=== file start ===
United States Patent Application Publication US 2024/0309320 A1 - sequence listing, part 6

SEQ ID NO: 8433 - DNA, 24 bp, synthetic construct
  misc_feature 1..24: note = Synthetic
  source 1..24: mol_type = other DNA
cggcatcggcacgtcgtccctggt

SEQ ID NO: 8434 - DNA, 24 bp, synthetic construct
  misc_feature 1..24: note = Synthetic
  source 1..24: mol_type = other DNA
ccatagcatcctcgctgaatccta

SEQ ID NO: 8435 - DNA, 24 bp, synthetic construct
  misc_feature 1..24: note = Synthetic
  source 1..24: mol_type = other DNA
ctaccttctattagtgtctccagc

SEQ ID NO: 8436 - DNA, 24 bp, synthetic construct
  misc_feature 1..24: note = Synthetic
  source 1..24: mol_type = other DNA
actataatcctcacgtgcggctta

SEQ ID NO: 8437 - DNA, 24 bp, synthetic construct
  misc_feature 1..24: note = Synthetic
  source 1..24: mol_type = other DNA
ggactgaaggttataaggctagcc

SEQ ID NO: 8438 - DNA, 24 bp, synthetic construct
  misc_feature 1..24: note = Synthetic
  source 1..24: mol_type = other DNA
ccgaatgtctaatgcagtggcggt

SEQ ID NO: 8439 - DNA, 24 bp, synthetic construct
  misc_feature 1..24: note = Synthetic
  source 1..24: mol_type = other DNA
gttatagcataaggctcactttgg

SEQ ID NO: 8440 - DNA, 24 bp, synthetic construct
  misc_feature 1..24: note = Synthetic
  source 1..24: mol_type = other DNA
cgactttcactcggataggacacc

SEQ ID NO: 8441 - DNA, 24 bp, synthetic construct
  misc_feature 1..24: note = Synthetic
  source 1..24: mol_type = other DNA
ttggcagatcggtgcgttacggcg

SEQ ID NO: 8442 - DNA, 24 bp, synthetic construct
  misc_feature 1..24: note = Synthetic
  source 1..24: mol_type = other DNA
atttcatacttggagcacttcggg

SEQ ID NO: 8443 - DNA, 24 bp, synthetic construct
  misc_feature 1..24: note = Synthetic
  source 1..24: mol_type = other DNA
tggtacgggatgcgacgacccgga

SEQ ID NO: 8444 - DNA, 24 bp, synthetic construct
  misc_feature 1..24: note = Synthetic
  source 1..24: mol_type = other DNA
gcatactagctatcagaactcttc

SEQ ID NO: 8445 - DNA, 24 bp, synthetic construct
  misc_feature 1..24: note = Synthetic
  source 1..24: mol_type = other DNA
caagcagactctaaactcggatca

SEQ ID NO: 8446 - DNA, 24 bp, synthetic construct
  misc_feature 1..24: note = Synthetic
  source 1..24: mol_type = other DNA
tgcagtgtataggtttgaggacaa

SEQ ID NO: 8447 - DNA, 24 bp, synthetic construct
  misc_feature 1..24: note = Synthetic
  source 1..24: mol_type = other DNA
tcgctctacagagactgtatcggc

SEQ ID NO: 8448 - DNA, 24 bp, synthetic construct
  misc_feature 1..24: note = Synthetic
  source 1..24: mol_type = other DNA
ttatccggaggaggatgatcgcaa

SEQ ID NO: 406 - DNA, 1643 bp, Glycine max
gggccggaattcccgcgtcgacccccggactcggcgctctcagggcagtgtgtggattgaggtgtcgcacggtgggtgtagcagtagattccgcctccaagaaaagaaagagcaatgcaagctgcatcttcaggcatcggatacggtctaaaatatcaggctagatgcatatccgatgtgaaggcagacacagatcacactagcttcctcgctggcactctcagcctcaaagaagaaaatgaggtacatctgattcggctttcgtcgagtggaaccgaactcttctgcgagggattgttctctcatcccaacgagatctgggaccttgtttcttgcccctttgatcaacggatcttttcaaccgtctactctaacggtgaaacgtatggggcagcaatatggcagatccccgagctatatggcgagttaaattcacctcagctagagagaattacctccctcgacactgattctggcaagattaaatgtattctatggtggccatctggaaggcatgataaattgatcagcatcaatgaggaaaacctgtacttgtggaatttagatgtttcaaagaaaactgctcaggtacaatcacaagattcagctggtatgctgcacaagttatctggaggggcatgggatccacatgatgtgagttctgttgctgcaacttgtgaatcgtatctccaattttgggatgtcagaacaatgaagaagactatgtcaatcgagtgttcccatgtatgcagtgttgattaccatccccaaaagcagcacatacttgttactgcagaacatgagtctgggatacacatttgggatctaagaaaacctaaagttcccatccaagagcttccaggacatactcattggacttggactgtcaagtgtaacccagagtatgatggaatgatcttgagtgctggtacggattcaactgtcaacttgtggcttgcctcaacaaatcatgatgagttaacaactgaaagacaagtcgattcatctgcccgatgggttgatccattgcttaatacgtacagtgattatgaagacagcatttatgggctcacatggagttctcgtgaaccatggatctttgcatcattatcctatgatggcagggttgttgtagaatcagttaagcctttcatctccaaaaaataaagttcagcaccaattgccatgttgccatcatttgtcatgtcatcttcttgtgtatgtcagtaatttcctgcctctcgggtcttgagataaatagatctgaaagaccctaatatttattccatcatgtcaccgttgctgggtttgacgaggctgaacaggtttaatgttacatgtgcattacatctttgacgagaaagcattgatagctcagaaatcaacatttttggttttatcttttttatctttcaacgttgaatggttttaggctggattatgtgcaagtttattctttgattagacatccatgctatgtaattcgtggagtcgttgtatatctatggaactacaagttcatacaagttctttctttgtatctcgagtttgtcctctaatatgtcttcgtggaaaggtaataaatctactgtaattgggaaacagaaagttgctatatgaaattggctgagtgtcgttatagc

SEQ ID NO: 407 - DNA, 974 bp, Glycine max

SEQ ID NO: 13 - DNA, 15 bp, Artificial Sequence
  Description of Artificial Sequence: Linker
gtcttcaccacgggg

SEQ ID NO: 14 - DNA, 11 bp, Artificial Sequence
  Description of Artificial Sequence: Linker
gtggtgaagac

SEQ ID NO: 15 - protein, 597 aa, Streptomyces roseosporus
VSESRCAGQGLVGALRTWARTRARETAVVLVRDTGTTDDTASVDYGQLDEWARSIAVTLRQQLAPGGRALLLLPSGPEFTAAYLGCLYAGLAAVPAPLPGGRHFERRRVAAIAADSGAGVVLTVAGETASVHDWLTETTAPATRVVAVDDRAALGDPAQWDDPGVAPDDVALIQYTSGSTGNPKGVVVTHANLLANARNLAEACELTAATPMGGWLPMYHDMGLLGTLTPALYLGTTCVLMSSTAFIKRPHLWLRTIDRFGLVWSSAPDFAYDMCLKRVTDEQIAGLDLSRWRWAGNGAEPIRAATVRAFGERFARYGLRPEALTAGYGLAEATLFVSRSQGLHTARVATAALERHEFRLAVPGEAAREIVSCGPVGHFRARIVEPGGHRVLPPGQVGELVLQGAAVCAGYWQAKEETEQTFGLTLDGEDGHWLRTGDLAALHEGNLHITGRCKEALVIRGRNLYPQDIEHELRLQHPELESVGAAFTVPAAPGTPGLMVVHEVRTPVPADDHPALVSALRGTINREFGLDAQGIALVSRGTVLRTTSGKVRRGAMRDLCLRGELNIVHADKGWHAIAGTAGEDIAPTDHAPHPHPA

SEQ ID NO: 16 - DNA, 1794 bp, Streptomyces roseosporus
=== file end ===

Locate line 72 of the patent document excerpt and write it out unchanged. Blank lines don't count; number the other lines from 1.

SEQ ID NO: 14 - DNA, 11 bp, Artificial Sequence